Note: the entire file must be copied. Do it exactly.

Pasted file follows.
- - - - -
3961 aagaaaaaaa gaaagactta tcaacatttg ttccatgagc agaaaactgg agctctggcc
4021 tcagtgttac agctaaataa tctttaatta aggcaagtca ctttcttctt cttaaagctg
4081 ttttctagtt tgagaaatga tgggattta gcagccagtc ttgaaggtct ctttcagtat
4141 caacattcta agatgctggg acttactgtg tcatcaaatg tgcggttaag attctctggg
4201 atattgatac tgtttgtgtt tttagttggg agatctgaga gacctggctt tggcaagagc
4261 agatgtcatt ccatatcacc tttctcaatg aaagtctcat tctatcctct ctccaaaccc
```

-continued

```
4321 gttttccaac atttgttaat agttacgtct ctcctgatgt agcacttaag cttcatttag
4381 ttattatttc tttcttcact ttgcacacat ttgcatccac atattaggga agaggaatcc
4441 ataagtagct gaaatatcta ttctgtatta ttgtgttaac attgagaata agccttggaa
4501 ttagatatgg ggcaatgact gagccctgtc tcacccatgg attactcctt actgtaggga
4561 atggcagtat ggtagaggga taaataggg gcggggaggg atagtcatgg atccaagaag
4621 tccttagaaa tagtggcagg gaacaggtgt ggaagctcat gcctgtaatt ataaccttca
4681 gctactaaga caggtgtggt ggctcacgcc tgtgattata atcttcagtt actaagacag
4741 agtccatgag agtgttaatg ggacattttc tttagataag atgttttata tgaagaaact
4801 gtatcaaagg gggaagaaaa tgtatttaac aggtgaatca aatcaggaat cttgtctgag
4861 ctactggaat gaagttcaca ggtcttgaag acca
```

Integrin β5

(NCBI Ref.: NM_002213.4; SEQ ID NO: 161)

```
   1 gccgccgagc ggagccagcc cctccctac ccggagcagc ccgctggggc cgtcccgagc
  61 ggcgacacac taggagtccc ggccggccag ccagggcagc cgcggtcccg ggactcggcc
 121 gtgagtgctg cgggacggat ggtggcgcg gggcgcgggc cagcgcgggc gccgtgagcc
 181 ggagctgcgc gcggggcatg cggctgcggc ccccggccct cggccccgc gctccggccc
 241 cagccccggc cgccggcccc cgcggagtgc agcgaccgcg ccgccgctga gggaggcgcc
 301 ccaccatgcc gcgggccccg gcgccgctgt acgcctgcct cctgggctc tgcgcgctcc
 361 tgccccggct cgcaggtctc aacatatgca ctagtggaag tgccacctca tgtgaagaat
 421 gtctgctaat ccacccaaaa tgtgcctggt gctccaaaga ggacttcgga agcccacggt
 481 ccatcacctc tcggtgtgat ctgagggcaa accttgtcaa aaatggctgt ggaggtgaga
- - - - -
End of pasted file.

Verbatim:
3961 aagaaaaaaa gaaagactta tcaacatttg ttccatgagc agaaaactgg agctctggcc
4021 tcagtgttac agctaaataa tctttaatta aggcaagtca ctttcttctt cttaaagctg
4081 ttttctagtt tgagaaatga tgggattta gcagccagtc ttgaaggtct ctttcagtat
4141 caacattcta agatgctggg acttactgtg tcatcaaatg tgcggttaag attctctggg
4201 atattgatac tgtttgtgtt tttagttggg agatctgaga gacctggctt tggcaagagc
4261 agatgtcatt ccatatcacc tttctcaatg aaagtctcat tctatcctct ctccaaaccc
```

-continued

```
4321 gttttccaac atttgttaat agttacgtct ctcctgatgt agcacttaag cttcatttag
4381 ttattatttc tttcttcact ttgcacacat ttgcatccac atattaggga agaggaatcc
4441 ataagtagct gaaatatcta ttctgtatta ttgtgttaac attgagaata agccttggaa
4501 ttagatatgg ggcaatgact gagccctgtc tcacccatgg attactcctt actgtaggga
4561 atggcagtat ggtagaggga taaataggg gcggggaggg atagtcatgg atccaagaag
4621 tccttagaaa tagtggcagg gaacaggtgt ggaagctcat gcctgtaatt ataaccttca
4681 gctactaaga caggtgtggt ggctcacgcc tgtgattata atcttcagtt actaagacag
4741 agtccatgag agtgttaatg ggacattttc tttagataag atgttttata tgaagaaact
4801 gtatcaaagg gggaagaaaa tgtatttaac aggtgaatca aatcaggaat cttgtctgag
4861 ctactggaat gaagttcaca ggtcttgaag acca
```

Integrin β5

(NCBI Ref.: NM_002213.4; SEQ ID NO: 161)

```
   1 gccgccgagc ggagccagcc cctccctac ccggagcagc ccgctggggc cgtcccgagc
  61 ggcgacacac taggagtccc ggccggccag ccagggcagc cgcggtcccg ggactcggcc
 121 gtgagtgctg cgggacggat ggtggcgcg gggcgcgggc cagcgcgggc gccgtgagcc
 181 ggagctgcgc gcggggcatg cggctgcggc ccccggccct cggccccgc gctccggccc
 241 cagccccggc cgccggcccc cgcggagtgc agcgaccgcg ccgccgctga gggaggcgcc
 301 ccaccatgcc gcgggccccg gcgccgctgt acgcctgcct cctgggctc tgcgcgctcc
 361 tgccccggct cgcaggtctc aacatatgca ctagtggaag tgccacctca tgtgaagaat
 421 gtctgctaat ccacccaaaa tgtgcctggt gctccaaaga ggacttcgga agcccacggt
 481 ccatcacctc tcggtgtgat ctgagggcaa accttgtcaa aaatggctgt ggaggtgaga